A large video collection of classic hymns, contemporary Praise and Worship songs, and the works (audio books, devotional readings, and sermons) of men greatly used of God, such as: Charles Spurgeon, Jonathan Edwards, A.W. Tozer, A.W. Pink, John Owen, Oswald Chambers, Andrew Murray, E.M. Bounds, John Bunyan, George Whitefield, and many more, covering topics on many aspects of the Christian life. May your time spent here be blessed.
John Bunyan – Grace Abounding to the Chief of Sinners
1 Timothy 1:15 This is a faithful saying, and worthy of all acceptation, that Christ Jesus came into the world to save sinners; of whom I am chief.
Grace Abounding is the spiritual autobiography of John Bunyan, who also penned Pilgrims Progress, perhaps one of the most significant pieces of Christian literature, second only to the Bible. Grace Abounding follows Bunyans struggle to find true repentance and forgiveness, his battle with Satans temptations of unbelief, his comfort found in the Bible and his overarching victory gotten by the grace of God through Jesus Christ his Son. Readers familiar with Pilgrims Progress will recognize that many of the allegorical points in his famous work came out of Bunyans own struggles and discoveries, and it has been said that Bunyan could not have written Pilgrims Progress without first going through the battles chronicled in Grace Abounding.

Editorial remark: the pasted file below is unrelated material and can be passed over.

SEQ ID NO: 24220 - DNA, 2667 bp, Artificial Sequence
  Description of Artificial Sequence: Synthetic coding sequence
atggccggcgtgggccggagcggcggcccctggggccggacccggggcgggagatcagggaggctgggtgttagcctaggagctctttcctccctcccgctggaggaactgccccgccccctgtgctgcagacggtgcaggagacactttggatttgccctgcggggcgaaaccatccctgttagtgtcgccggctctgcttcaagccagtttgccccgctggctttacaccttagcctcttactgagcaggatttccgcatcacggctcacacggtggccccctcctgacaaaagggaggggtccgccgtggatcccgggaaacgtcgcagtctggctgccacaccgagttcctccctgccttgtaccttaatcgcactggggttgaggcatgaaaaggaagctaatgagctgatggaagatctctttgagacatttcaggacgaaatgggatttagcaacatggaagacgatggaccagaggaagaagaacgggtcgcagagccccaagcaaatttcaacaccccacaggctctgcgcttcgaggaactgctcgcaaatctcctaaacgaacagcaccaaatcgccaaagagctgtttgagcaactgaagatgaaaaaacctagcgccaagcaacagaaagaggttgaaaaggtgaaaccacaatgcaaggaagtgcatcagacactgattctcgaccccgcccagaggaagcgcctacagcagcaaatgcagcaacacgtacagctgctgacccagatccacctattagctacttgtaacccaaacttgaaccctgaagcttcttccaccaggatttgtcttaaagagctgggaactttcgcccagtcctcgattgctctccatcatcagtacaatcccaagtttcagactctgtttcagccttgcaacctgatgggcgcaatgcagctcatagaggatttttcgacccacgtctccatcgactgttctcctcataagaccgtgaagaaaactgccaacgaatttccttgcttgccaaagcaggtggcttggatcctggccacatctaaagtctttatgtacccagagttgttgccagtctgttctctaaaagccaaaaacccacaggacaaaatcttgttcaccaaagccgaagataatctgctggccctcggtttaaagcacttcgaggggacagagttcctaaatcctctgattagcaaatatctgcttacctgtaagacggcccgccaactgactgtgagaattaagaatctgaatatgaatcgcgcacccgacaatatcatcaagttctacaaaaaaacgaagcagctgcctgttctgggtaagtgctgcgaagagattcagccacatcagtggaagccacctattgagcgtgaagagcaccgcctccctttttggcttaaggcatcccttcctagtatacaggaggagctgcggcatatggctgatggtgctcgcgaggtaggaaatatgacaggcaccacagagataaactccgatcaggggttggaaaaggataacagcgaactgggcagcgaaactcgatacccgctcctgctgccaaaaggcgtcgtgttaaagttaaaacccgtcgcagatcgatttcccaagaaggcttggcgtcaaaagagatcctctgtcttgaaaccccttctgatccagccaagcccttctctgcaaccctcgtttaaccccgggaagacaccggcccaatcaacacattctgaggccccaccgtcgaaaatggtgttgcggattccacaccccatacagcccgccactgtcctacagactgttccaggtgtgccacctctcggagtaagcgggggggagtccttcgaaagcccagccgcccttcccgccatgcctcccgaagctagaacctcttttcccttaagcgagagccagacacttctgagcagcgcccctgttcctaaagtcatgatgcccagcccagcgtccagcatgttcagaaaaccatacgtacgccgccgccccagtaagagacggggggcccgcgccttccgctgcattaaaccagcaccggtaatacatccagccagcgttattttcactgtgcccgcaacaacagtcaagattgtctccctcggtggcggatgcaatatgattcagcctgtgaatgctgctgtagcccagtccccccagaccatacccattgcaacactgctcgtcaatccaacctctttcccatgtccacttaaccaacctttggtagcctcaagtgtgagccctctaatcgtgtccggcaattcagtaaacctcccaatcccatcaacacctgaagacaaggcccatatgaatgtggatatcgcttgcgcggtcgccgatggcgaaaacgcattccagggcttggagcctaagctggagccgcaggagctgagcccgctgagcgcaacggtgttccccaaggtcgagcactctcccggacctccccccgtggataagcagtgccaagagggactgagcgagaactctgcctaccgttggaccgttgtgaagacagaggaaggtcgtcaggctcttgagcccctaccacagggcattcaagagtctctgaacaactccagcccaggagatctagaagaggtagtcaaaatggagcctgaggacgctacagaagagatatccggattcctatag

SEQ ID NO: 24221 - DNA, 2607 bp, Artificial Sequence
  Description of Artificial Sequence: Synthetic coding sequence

John Bunyan was born at Elstow, near Bedford, England, sometime in the fall of 1628, the first of three children born to Thomas and Margaret Bunyan. The parish register indicates that he was baptized on November 30, 1628. In Grace Abounding Bunyan describes his descent as “of a low and inconsiderable generation.” He had particular disdain for his father’s house; to him it was “of a rank that is meanest and most despised of all the families in the land.”
Written in 1666, Grace Abounding chronicles Bunyan’s spiritual journey from a profane life filled with cursing, blasphemy, and Sabbath desecration to a new creation in Christ Jesus. Some commentators on Bunyan’s life and work are of the opinion that Bunyan wrote too disparagingly of his early life. George Offor, editor of a three volume compilation of Bunyan’s works, observes: A great difference of opinion has been expressed by learned men as to whether Bunyan’s account of himself is to be understood literally, as it respects his bad conduct before his conversion. or whether he views himself through a glass, by which his evil habits are magnified. No one can doubt his perfect honesty. He plainly narrates his bad, as well as his redeeming qualities; nor does his narrative appear to be exaggerated. Grace Abounding is an autobiography that begins with guilt and despair and ends with a heart “full of comfort,” a thankful heart for “grace abounding.”